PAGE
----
Raising revenue by taxing the big end of town

We could raise billions if we taxed the coal industry properly. 

On the first day back in Parliament after the NSW State Election, Abigail raised exactly this in a speech following question time, calling out the new Labor Government for refusing the pay rise that public sector workers deserve while this potential revenue stream sits untapped.

Ms ABIGAIL BOYD (14:42): We saw a really disappointing narrative during the election campaign. When either the Labor shadow Treasurer or the Liberal Treasurer at the time were asked about how they would pay for things, there was a false dichotomy between either raising more debt or cutting spending on infrastructure, or whatever measures were being used to scare voters at the time. Any discussion about revenue raising was lacking. Many great ideas about the sources of revenue that the Government could take advantage of have been put on the table. The top of those is what happened in Queensland where the Queensland Government rejigged its coal royalty scheme in order to make a more progressive scheme. The State already had a progressive scheme but the Government added a few more tiers. They were able to raise a significant amount of money from that.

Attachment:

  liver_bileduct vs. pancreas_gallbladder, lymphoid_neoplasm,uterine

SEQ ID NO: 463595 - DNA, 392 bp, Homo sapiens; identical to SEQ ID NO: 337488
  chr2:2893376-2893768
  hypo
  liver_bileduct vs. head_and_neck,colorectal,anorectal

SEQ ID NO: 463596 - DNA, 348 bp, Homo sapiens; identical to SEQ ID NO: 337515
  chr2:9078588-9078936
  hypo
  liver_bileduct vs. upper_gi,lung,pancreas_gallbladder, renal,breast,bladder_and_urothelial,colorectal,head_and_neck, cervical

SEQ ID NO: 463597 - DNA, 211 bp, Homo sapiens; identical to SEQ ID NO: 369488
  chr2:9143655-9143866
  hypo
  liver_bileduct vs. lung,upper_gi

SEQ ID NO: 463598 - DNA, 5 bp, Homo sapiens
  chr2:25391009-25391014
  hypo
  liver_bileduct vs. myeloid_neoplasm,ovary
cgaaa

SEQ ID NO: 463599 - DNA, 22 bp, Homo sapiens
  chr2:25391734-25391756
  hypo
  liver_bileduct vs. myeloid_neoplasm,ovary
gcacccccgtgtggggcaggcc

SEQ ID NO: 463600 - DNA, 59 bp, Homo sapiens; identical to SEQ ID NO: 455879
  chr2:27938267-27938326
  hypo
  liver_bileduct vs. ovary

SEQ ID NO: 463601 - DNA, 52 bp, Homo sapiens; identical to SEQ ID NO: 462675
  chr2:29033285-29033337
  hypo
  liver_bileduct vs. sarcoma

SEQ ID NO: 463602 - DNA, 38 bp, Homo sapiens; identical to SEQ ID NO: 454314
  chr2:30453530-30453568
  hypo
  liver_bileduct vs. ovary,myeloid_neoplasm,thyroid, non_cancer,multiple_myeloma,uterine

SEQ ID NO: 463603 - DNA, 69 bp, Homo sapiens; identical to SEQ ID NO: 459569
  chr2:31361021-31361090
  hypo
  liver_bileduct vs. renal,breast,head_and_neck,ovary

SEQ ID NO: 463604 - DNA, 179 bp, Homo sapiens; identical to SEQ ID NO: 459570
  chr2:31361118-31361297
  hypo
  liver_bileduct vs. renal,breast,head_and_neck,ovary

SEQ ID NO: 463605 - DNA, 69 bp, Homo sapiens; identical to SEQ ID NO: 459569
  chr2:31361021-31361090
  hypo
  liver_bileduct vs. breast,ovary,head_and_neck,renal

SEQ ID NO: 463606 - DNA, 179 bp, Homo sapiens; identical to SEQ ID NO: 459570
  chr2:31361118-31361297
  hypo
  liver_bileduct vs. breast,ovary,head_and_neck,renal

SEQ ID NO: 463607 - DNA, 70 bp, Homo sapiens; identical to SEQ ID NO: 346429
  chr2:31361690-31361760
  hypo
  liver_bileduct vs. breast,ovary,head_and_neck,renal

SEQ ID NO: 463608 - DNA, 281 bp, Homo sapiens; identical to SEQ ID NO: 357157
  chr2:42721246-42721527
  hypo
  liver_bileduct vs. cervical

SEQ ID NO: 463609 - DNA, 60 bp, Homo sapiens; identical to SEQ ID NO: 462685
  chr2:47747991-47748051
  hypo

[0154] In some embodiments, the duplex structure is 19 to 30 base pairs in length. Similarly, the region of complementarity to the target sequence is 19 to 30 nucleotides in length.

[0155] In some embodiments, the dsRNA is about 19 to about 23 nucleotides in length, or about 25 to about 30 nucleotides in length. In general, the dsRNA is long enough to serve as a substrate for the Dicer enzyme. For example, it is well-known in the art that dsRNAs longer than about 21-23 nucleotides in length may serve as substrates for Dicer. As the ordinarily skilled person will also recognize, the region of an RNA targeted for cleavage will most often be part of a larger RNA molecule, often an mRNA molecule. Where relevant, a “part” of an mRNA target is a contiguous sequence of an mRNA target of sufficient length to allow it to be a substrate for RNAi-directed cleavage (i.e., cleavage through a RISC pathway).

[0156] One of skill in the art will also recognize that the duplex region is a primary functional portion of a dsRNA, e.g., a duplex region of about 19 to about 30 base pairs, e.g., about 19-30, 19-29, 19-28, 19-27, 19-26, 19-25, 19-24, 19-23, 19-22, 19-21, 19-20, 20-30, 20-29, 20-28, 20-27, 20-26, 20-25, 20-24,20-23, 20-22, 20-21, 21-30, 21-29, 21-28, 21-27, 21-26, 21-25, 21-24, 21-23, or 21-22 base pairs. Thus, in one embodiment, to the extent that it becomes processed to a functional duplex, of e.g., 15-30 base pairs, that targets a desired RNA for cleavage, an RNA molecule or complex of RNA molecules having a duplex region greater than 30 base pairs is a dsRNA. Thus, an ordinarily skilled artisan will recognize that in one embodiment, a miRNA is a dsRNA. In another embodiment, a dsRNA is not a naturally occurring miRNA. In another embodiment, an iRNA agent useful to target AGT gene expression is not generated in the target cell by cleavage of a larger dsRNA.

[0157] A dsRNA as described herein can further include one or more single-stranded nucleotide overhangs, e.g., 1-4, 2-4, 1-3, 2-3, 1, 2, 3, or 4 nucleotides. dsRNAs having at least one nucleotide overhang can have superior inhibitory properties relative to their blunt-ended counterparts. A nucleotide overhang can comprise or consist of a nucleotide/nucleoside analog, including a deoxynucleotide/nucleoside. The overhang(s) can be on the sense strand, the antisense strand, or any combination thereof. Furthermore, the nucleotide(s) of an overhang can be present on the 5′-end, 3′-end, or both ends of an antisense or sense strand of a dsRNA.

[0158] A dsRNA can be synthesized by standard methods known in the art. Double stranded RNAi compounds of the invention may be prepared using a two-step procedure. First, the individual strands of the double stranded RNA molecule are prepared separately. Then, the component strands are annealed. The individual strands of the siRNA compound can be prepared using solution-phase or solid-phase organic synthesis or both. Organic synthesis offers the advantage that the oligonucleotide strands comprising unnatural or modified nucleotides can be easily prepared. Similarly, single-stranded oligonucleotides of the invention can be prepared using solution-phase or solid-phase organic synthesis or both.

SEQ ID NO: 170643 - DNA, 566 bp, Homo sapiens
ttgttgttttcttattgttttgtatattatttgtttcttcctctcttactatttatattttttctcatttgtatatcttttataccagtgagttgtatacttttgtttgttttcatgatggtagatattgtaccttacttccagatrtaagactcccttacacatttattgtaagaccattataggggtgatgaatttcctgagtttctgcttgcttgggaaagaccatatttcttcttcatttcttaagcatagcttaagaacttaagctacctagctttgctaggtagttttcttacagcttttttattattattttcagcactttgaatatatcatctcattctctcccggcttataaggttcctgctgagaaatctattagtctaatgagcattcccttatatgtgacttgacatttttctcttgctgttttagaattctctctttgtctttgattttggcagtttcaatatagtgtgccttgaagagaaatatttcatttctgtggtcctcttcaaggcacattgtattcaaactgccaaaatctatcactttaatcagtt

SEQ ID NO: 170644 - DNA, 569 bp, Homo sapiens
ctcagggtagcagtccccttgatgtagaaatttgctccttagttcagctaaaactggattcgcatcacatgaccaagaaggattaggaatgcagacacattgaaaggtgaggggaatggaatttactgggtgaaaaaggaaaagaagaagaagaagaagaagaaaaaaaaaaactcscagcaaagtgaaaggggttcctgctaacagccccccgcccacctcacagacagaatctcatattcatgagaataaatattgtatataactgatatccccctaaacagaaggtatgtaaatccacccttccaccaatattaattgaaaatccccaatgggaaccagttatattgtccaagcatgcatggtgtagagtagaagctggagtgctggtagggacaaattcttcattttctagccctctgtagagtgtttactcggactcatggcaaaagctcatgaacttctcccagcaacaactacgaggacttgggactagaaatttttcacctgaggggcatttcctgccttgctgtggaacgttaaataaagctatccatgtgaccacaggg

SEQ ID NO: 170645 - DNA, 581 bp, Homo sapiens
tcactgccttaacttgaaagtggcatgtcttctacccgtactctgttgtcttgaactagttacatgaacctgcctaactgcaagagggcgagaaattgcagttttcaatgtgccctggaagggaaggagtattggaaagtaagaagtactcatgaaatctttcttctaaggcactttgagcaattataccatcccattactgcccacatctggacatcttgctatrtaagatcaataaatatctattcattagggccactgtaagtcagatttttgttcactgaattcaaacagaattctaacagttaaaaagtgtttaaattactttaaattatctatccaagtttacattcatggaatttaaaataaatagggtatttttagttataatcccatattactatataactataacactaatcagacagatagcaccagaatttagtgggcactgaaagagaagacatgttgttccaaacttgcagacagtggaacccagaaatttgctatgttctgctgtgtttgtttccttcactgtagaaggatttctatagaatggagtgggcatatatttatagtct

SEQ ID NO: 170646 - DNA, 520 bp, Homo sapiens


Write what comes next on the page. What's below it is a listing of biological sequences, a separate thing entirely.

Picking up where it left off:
The Australia Institute's analysis shows that if New South Wales had the same quite conservative rates that Queensland has, the State could have raised between $4 billion and $6 billion of extra revenue in this financial year. That just happens to be almost the same amount as that needed for a decent pay rise for workers in the public sector. I am quite concerned that we are going to end up with the new Labor Government saying that its hands are tied. I get that, because the Liberal-Nationals Government made a mess of the State's finances. When looking at how the State is going to pay for essential services and essential public sector workers and give them the wages they deserve, we will have to get a bit creative, and that means taxing the big end of town.

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